• What I like about working with new students: The excitement and enthusiasm that new students bring at the start of the semester is contagious.
  • Favorite thing about my job: I love Bryn Mawr! In the Registrar’s Office we work with faculty, students, administrative staff and alums so you can really see the mission of the College in action.
  • Favorite spot on campus: My office – really, my office is awesome.  I also love the Taft Garden behind Canaday Library.
  • In my free time, I enjoy: Reading, and doing fun stuff with my daughter.
  • If I were an animal, I’d be: I’d probably be a cat.
  • Little known fact about me: I’ve been to every state on the east coast and the west coast of the US, but only one state in between.
  • My secret talent: I’m pretty good at trivia, as long as it isn’t about music.
  • Nickname: Kir
  • On my summer to-do list is: Vacation, vacation and getting zucchini to grow in my garden – I have checked them all off!

More Tips from Mawrters: The First Year Experience Outside the Classroom

Dance: There are lots of opportunities to be involved with dance at Bryn Mawr: clubs, classes, ensembles, the Fall Student Dance Concert, professional performances, and workshops. You can join the clubs at Fall Frolic, the club fair that occurs every Fall semester. There are many different types of dance clubs. Consider joining one you’ve never heard of; you might just fall in love with it! Dance classes can be taken for academic or PE credit, and there are also a lot of different types of dance classes here. Be sure to look through all of your options if you plan to take a dance class! Ensembles offer auditions once a semester. There are ensembles for Modern, Ballet, Jazz, African, and Hip-Hop. The Fall Student Dance Concert is held every fall and is completely student-run. You can perform, choreograph, help with tech, or produce! Everyone is welcome to be a part of this concert – just sign up at Fall Frolic to receive the e-mails. The Dance department will also send out e-mails about professional performances and workshops that will be offered throughout the year. If you love dance, you should consider a minor or create your own major! There are so many different ways to get involved, so if one way doesn’t work for you at first, don’t worry –  you can always be part of the large dance community!

–Kat Phifer ‘19

 

Considering that I had never had a roommate before college, I was prepared for a less than ideal roommate experience. I am here to tell you now that my fears were completely unfounded. I can’t speak for everyone’s situation, but I could not have had a better roommate experience my freshman year. Of course, some things are out of our control, but here are some tips for cultivating the ideal roommate setup:

  1. You can mitigate some of your uncertainty by finding your roommate online via Facebook. Make sure you have had ongoing conversation and established rapport. The college generally does a good job of creating positive roommate setups, but meeting the person beforehand will foster congeniality and ‘good vibes’.
  2. ROOMATE CONTRACTS ARE NO JOKE. Outline all possible concerns in your roommate agreement. You never know when you might have to refer back to the contract as your guiding light.
  3. Don’t have a ‘right or wrong’ mentality. In many arguments, there is no ‘right answer’ or ‘wrong answer’. Instead, all parties must compromise for the greater good- in this case cohabitation.
  4. IF YOU CAN’T reach an agreement of some sort as outlined by tip 3, bring in an unbiased third party to help you reach a decision. This person could be an HA or Peer Mentor if you so desire.
  5. ENJOY YOUR ROOMATE. You have to live with this person. So why not love this person? Find out who they are and make a point of spending time with them. I guarantee you will have less quarrels and awkwardness. Just have fun with this aspect of the college experience!

–Madeline Perry ‘19

 

Being an athlete has always been a huge part of my life, and I suppose that it will be the same for quite a few of you who are planning to come to Bryn Mawr this Fall. While I wasn’t completely sure if I wanted to be a collegiate athlete (keeping in mind the time commitment and dedication needed), I could not imagine my everyday life without swim practice. I proceeded to hesitantly join the swim team, and now, I wouldn’t change that decision for anything. Bryn Mawr has given me 12 sisters in the form of my team, and I couldn’t be more thankful. However, I do have to mention that being an athlete is hard. You’re supposed to manage studies, sports, social life, self-care, and so many other things. It can be overwhelming, and a lot of the time, I just want to crawl into bed and take a nap instead of swim. At the same time though, those days have taught me how strong I am, and how I am capable of so much. Being an athlete pushes you to be the best version of yourself, and the challenge is well worth it. In the near future, I hope you all find second families in your sports teams, and become as proud as I am to represent Bryn Mawr athletics!”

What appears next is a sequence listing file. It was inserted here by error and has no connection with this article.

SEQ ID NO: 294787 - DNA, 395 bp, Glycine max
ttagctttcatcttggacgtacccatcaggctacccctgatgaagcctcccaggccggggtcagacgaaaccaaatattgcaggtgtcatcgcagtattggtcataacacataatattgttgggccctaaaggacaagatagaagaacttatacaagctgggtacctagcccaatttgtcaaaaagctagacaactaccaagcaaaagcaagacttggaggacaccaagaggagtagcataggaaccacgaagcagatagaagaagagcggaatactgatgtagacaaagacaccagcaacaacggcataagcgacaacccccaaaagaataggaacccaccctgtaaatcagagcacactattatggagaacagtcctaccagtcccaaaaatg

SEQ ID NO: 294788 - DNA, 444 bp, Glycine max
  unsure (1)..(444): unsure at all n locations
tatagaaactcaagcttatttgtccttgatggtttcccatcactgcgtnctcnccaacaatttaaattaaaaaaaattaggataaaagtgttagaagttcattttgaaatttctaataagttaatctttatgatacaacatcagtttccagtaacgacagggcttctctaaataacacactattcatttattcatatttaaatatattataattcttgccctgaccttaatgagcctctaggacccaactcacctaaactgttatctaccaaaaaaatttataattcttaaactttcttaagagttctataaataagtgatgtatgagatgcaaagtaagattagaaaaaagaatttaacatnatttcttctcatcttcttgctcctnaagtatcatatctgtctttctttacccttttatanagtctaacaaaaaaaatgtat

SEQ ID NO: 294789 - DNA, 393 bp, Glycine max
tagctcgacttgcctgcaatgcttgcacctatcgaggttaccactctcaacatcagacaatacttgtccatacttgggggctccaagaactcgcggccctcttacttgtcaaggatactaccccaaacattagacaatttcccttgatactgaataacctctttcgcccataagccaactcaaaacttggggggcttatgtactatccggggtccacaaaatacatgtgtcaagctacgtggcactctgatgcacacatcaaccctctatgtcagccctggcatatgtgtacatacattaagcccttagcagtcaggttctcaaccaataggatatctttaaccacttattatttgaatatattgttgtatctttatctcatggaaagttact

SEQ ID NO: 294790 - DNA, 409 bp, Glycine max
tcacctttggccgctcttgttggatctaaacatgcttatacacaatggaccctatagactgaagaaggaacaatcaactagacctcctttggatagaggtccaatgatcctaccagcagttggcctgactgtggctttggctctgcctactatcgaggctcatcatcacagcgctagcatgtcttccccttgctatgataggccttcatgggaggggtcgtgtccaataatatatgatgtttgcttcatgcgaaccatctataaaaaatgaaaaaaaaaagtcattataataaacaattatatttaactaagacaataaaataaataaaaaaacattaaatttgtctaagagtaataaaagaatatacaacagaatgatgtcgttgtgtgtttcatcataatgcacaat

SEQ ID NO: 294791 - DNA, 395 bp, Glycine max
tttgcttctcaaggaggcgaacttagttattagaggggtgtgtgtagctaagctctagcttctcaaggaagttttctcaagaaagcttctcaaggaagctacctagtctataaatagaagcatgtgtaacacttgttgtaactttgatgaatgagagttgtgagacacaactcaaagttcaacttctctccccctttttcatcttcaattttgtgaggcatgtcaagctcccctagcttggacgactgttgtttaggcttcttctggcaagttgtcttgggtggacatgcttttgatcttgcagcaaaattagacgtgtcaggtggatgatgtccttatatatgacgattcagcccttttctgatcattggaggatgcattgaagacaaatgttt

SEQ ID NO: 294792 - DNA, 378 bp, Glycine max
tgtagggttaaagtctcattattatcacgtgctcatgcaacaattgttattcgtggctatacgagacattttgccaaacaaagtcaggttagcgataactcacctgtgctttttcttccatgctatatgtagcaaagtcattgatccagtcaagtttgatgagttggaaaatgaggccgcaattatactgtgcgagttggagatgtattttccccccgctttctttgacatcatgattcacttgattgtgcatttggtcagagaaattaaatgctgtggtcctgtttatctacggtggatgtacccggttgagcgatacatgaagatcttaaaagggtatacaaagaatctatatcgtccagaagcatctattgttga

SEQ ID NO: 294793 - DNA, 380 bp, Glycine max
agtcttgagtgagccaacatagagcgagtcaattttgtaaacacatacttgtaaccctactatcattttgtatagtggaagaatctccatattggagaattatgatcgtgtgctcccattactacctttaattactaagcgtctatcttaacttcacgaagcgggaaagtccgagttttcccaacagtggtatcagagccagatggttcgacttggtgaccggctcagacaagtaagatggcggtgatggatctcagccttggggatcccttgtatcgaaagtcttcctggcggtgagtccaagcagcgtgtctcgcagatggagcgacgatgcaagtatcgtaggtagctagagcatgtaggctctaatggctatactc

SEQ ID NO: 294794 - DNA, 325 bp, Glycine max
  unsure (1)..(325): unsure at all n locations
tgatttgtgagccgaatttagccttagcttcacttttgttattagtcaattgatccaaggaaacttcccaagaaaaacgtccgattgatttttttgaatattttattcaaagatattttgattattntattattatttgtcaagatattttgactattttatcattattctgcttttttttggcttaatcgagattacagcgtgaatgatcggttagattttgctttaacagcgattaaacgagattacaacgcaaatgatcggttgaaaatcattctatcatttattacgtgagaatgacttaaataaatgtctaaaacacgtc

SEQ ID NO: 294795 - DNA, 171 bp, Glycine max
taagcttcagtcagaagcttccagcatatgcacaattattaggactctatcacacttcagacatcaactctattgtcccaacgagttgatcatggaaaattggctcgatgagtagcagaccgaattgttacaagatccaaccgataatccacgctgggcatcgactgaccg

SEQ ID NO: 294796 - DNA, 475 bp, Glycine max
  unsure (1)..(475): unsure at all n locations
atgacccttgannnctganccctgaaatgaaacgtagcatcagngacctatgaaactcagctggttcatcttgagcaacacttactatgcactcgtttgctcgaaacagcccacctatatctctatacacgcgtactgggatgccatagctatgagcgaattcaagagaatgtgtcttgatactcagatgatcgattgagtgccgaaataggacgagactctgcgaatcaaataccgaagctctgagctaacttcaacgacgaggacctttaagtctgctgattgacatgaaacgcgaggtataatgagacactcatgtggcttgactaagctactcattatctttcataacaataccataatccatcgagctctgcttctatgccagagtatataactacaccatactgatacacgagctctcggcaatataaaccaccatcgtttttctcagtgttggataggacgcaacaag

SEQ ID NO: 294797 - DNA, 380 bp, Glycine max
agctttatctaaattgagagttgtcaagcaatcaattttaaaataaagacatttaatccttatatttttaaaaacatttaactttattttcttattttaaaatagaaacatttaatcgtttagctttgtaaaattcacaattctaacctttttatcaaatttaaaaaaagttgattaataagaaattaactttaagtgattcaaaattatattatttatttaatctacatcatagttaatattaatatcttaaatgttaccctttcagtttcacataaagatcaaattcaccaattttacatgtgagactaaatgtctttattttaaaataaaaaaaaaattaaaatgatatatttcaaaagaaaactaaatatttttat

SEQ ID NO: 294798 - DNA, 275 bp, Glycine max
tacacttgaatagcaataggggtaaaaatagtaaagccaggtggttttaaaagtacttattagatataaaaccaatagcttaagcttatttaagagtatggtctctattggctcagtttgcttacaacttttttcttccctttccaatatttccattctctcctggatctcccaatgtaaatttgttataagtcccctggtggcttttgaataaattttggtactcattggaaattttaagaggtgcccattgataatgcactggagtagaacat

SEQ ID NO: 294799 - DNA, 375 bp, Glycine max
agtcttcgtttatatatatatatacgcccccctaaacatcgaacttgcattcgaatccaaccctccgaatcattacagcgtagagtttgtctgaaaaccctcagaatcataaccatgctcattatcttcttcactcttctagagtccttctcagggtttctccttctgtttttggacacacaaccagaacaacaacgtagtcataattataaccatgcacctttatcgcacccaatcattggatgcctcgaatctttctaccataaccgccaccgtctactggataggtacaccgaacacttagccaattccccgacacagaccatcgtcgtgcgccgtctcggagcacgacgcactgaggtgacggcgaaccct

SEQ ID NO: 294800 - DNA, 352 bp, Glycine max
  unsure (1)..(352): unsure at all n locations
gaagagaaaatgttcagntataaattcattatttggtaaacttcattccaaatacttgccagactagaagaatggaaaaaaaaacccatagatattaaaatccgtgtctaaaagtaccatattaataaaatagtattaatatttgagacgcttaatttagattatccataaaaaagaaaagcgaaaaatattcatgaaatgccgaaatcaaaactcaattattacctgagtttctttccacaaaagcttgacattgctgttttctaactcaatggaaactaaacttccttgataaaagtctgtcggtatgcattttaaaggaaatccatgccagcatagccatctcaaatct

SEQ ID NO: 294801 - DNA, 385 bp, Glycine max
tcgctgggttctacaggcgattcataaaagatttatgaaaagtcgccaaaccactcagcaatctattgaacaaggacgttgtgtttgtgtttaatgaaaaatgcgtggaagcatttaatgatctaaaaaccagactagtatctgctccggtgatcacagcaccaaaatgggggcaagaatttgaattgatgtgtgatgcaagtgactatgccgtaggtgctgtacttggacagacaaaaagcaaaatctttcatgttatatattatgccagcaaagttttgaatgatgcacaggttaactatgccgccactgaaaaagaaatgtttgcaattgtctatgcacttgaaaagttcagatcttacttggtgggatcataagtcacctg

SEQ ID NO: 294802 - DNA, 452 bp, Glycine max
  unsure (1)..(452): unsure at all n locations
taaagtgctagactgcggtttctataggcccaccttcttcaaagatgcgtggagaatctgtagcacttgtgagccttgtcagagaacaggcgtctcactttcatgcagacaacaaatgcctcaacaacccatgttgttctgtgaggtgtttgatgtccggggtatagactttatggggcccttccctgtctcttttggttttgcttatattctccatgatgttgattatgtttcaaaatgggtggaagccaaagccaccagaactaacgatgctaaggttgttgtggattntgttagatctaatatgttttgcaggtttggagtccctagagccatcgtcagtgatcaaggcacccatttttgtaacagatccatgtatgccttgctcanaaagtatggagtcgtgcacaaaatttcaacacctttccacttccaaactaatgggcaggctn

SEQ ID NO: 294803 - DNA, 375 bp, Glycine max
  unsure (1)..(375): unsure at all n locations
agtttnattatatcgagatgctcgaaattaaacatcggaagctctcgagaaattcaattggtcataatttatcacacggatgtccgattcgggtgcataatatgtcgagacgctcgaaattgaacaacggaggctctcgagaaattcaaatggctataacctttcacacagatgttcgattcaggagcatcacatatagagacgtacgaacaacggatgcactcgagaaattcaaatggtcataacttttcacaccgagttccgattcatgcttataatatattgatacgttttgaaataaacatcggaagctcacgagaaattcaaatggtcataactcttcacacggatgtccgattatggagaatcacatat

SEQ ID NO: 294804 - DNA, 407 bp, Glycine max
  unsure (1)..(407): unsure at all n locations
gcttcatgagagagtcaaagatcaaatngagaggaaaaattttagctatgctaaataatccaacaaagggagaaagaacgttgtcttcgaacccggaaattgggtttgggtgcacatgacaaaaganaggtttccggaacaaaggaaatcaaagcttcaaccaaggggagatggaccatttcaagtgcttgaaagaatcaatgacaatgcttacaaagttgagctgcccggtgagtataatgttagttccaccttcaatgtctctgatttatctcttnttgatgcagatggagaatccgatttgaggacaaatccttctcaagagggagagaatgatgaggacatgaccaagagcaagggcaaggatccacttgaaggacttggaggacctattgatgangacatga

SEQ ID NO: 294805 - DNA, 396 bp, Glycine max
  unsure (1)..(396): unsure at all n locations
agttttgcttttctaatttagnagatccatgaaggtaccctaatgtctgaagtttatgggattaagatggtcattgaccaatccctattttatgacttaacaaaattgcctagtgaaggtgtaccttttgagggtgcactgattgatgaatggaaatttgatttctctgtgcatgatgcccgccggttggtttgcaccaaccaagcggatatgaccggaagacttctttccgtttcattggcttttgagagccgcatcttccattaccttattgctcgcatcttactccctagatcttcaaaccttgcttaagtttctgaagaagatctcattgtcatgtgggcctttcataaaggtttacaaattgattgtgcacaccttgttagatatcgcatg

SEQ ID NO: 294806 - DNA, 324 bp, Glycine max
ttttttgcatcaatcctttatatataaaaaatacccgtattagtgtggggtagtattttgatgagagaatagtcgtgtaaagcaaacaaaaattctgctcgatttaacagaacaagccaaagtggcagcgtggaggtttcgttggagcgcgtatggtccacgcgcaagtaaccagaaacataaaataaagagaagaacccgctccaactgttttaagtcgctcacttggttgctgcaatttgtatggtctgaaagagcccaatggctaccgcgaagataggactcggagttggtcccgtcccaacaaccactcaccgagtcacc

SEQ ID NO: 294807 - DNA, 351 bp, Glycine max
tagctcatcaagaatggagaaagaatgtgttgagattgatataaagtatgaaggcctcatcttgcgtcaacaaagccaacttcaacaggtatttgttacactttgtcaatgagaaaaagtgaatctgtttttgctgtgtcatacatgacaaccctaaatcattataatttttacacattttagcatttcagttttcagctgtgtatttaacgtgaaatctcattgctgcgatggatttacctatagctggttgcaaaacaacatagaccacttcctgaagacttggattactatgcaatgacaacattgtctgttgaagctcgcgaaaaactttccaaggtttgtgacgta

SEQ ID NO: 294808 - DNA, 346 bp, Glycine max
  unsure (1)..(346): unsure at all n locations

–Shanzeh Shunaid ‘19

The Resiliency Project Experience: A Note from Amana Abdurrezak ’19

For me, the Resiliency Project gave me something to laugh at during the first few weeks, when I was feeling a bit homesick and unsure about college. TED Talks are such a fun way to learn (not to mention easy: just sit and listen), and the articles gave a little insight into what to expect in the upcoming months.
In my “Letter to Myself”, I gave myself a little pep talk, inserted a picture of Shia Lebouf’s “Just Do It” meme, and linked in a couple of my favorite YouTube videos at the time. In October, when I started feeling a little stressed out, I was surprised by just how much I needed that pick-me-up. You know yourself best, so have fun with the Letter! It’s for your eyes only anyway.

–Amana Abdurrezak ‘19

An Intro to THRIVE, from Wellness Coordinator, Tonja Nixon ’15

Hello Class of 2020!

Welcome to Bryn Mawr! We’re all so excited for your arrival, especially now that we’re in the second half of summer! My name is Tonja Nixon, and I serve as the Wellness Coordinator here on campus. My primary role is to oversee the THRIVE Seminar, from helping finalize the course content to being a resource for you as you complete your Wellness Requirement. My other hats include being an Assistant Coach for the Track & Fields teams and being an alum (Anassa Kata!) from the class of 2015. You can find me in Guild Hall (where the Dean’s Office is located) at my desk, or in Schwartz gym during Track Practice. On behalf of the Dean’s Office, we’re so excited for you all to get settled in! Part of that settling in, as you all know, is final registration for all of your courses once you arrive. One of those courses must satisfy your Wellness Requirement, which, as Wellness Coordinator, I’m here to tell you all about!